Marvellous Mud Snails will contribute to the conservation of the Pond mud snail in Cornwall, and directly involve school children and local volunteers in survey, captive breeding, and habitat creation for this species. The project also will benefit other species associated with small and temporary ponds.
The Pond mud snail (Omphiscola glabra) is a S41 Priority Species for conservation action in England that lives in temporary water bodies with low nutrients such as ponds, ditches and marshes. Pond mud snails are adapted to survive periodic drought by burying themselves into the mud, becoming inactive until their habitat becomes wet again.
The species was formerly fairly widespread in Cornwall, but the few recent records have been largely confined to the mid-Cornwall Moors and West Penwith. For much of its former range the status of the species largely unknown. At an international level, the Pond mud snail is listed as Near Threatened by the IUCN.
The small, temporary ponds and other freshwater habitats that Pond mud snails rely upon are rarely protected and are often not recognised for their biodiversity value. Through habitat loss, damage and neglect, the Pond mud snail has disappeared from many of its former known locations across Britain. Surveys for the snail in Cornwall show a decline in the county – it has only recently been recorded from four sites, a further eleven sites do not have any post-2000 records.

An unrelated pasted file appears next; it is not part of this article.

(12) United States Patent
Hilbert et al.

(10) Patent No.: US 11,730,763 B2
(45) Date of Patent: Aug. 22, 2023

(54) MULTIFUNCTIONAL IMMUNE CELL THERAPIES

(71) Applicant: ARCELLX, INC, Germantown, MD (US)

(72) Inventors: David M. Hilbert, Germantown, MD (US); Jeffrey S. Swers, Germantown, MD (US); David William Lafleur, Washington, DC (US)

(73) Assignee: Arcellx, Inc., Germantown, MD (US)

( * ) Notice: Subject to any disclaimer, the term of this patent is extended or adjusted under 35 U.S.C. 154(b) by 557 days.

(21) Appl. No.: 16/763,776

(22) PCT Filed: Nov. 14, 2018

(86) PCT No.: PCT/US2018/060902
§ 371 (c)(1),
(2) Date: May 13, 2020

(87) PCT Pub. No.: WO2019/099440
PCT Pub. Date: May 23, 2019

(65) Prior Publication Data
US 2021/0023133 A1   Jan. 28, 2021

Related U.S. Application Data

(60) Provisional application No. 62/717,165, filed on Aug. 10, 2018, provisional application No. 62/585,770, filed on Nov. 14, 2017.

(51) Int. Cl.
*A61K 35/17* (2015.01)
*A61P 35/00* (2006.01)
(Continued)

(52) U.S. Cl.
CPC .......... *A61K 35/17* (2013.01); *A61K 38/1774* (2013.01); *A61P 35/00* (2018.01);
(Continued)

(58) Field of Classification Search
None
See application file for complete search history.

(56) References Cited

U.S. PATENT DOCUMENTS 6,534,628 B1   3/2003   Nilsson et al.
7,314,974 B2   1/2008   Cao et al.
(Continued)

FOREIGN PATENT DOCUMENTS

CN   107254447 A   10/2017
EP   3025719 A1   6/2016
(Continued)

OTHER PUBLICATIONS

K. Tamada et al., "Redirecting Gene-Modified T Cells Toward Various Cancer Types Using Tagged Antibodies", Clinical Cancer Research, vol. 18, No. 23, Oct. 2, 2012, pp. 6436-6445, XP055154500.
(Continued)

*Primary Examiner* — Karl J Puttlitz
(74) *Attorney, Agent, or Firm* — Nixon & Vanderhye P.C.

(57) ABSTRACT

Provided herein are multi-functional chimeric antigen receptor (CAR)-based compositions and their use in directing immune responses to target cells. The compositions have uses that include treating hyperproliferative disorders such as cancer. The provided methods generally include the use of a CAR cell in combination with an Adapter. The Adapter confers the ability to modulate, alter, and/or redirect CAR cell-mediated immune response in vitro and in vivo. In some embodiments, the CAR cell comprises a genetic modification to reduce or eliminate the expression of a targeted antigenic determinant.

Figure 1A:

Adults of this particular snail are 12-20mm in height and like many other Molluscs are hermaphrodites, meaning that each individual is capable of laying eggs. Typically, egg masses of between 10-30 eggs are laid in February and take up to 25 days to hatch.
Marvellous Mud Snails will:
- Re-establish the status of the Pond mud snail in Cornwall by undertaking surveys across the county.
- Start a captive breeding programme with local schools. This will introduce schoolchildren to species conservation and demonstrate how they can do something hands-on in their classroom to help.
- Create new habitats in the form of ponds or scrapes to introduce the captive-bred snails to. Habitats are easy to create and would closely involve the participating schoolchildren and volunteer groups, reinforcing the connection with a threatened species/habitats and how they themselves can play an active part in its conservation.
- This project is funded by the People’s Postcode Lottery and the Ernest Cooke Trust.
If you are interested in getting involved with the project please email email@example.com or ring our Plymouth office on 01752 395188.